Japanese officials are ignoring some hard lessons of history – particularly those from the 1986 Chernobyl nuclear disaster – so now, as the old saying goes, they appear doomed to repeat them. The Japanese government and TEPCO, the owner-operator of the crippled Fukushima Daiichi nuclear plant, have behaved in a manner similar to the Soviet handling of the catastrophic Chernobyl accident. The common tactics include: withholding information, delaying action (or simply embracing inaction) and downplaying risks.
The cost of employing those tactics – as we’ve witnessed in the past – is paid in human suffering and irreparable damage to the environment. And that isn’t melodrama or sensationalism. It’s a fact.
The New York Times, and other U.S. outlets, are reporting that government officials in Japan withheld critical information about where airborne radioactive emissions would settle – and did so for all the wrong reasons. From the Aug. 8 NYT report:
In interviews and public statements, some current and former government officials have admitted that Japanese authorities engaged in a pattern of withholding damaging information and denying facts of the nuclear disaster – in order, some of them said, to limit the size of costly and disruptive evacuations in land-scarce Japan and to avoid public questioning of the politically powerful nuclear industry. As the nuclear plant continues to release radiation, some of which has slipped into the nation’s food supply, public anger is growing at what many here see as an official campaign to play down the scope of the accident and the potential health risks.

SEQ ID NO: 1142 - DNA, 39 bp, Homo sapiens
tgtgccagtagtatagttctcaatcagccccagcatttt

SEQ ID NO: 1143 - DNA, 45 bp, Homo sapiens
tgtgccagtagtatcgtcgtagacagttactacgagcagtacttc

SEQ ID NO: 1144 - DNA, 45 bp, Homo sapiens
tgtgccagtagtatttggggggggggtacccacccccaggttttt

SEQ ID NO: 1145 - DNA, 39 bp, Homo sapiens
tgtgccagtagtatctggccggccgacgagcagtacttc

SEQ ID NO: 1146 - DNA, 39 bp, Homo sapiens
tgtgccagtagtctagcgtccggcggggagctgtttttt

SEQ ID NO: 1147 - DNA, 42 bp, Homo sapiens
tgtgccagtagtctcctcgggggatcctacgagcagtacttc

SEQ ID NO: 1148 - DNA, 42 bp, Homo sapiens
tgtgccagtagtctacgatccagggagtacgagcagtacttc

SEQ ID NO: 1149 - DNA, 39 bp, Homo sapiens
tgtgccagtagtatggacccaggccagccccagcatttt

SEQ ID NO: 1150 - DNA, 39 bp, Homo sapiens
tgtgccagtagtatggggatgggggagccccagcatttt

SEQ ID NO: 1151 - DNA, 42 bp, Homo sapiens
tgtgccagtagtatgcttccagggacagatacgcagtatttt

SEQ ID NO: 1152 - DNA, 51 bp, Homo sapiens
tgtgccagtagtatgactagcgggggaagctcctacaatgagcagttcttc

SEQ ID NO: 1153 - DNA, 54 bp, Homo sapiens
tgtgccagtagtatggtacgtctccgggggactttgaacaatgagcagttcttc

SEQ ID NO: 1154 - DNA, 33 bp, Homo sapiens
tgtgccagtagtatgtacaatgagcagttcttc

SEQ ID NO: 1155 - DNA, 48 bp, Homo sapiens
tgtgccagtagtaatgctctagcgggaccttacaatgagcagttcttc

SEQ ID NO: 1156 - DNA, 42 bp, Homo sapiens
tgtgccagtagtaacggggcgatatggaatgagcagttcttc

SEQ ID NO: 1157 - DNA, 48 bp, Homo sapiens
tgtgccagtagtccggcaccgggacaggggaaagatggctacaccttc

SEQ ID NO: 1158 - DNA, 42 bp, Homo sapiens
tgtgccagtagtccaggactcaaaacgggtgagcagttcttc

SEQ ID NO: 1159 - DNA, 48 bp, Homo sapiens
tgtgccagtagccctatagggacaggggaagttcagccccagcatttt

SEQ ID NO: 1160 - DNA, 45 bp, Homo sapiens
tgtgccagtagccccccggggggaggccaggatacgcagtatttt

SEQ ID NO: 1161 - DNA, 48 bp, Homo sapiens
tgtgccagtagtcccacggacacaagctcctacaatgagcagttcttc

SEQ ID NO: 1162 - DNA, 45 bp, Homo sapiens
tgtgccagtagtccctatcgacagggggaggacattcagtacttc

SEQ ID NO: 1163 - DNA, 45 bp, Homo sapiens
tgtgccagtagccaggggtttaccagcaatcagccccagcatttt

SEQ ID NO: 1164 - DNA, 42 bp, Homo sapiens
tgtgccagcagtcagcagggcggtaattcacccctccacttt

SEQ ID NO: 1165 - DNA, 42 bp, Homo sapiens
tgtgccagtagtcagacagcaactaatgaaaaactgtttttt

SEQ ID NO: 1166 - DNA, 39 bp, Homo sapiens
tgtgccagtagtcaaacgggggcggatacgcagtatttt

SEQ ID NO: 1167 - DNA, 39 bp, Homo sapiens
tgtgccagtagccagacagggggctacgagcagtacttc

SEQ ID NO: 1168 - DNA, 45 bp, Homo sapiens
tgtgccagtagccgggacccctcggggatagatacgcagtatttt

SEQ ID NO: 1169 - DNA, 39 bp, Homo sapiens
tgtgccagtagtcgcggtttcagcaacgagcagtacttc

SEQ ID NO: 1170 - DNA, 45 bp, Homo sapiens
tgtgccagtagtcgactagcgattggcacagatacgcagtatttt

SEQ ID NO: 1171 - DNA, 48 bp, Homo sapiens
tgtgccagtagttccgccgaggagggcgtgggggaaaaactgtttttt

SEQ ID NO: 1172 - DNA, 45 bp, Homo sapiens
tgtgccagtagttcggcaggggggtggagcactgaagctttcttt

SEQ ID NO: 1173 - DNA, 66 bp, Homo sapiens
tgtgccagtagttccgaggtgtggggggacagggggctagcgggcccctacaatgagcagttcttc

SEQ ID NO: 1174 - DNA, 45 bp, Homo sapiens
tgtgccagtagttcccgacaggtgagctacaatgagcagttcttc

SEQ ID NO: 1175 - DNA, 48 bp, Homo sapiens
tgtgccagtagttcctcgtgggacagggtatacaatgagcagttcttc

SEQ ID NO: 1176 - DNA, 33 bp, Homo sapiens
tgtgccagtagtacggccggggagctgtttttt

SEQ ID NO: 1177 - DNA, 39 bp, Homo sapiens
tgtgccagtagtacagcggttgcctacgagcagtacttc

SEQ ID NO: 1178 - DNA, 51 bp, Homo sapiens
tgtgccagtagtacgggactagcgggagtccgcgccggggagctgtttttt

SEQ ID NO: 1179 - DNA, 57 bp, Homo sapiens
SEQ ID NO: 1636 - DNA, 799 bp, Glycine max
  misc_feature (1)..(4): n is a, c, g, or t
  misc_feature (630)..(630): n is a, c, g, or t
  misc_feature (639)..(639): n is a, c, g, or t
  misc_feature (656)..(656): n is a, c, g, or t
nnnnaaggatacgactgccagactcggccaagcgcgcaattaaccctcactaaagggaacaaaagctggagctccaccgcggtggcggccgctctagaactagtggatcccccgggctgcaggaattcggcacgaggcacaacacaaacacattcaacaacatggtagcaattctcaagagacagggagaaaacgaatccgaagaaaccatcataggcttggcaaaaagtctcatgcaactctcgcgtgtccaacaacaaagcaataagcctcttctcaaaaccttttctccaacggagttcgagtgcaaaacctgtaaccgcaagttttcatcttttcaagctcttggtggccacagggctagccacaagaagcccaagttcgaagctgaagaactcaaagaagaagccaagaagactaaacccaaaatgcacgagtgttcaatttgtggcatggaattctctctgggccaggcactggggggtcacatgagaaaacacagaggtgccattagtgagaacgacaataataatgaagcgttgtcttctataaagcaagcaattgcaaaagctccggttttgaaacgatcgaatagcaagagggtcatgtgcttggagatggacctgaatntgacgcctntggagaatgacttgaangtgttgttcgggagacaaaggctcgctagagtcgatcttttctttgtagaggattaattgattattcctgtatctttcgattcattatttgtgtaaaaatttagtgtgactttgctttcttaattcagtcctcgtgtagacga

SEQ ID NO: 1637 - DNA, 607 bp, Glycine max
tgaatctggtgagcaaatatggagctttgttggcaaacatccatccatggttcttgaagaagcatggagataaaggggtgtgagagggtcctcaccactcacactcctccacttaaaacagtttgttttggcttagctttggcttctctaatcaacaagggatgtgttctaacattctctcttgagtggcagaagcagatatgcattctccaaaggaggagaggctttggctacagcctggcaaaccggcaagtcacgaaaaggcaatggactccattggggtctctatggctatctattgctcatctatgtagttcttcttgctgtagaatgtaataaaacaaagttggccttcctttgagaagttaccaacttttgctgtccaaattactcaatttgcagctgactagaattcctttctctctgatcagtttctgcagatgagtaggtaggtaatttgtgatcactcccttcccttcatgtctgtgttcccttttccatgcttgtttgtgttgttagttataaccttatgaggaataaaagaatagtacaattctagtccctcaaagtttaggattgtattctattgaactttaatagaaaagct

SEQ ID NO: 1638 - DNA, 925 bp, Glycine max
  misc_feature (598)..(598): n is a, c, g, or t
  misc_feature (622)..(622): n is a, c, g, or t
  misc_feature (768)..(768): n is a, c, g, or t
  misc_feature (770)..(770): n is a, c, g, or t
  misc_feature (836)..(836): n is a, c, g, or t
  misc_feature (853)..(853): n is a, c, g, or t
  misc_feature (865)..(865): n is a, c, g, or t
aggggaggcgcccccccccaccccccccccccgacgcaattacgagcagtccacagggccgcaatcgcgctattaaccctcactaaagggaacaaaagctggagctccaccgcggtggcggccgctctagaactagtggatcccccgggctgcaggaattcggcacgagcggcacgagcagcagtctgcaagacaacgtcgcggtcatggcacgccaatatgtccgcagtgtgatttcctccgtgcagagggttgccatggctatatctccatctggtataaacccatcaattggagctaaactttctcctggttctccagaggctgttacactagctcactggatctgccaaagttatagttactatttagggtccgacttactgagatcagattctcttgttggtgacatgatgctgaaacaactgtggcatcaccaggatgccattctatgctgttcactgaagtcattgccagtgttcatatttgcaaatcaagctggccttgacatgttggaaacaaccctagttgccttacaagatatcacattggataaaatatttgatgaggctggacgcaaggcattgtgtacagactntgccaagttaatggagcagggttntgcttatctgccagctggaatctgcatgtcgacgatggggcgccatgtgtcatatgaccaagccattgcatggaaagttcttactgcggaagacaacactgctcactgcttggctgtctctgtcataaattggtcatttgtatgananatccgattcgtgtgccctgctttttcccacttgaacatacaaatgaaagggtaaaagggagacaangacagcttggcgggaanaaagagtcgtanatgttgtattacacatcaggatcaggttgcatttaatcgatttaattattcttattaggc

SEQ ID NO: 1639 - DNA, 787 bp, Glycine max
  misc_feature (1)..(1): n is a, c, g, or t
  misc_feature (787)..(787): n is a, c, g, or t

The words “official campaign” take us back to the days when the Soviet military implemented a campaign of concealment and misinformation surrounding the Chernobyl crisis. The lack of transparency and leadership no doubt contributed to the number of people exposed to the radioactive fallout. Consider this from an Associated Press report (see link to full article below):
The Kremlin didn’t publicly admit the [Chernobyl] accident until two days after the April 26, 1986, explosion and then only in vague terms and after officials in Sweden, some 700 miles away, raised worldwide alarm about sharply increased levels of radiation apparently coming from the Soviet Union.
Now we’re seeing that “policy of secrecy” revealed in Japan. The NYT article focuses on the plight of the people from Namie, one of the towns that neighbors the still-reeling Fukushima plant:
Given no guidance from Tokyo, town officials led the residents north, believing that winter winds would be blowing south and carrying away any radioactive emissions. For three nights, while hydrogen explosions at four of the reactors spewed radiation into the air, they stayed in a district called Tsushima where the children played outside and some parents used water from a mountain stream to prepare rice.
Tragically, according to the Times, winds were blowing the contaminated air directly to Tsushima, and local officials did not find out until it was too late. The government knew all along, through computer documentation, that this particular location had the potential to be a hotbed of radioactivity.
The catastrophic ramifications of the government’s secrecy are ongoing – and heart-wrenching. More from the NYT: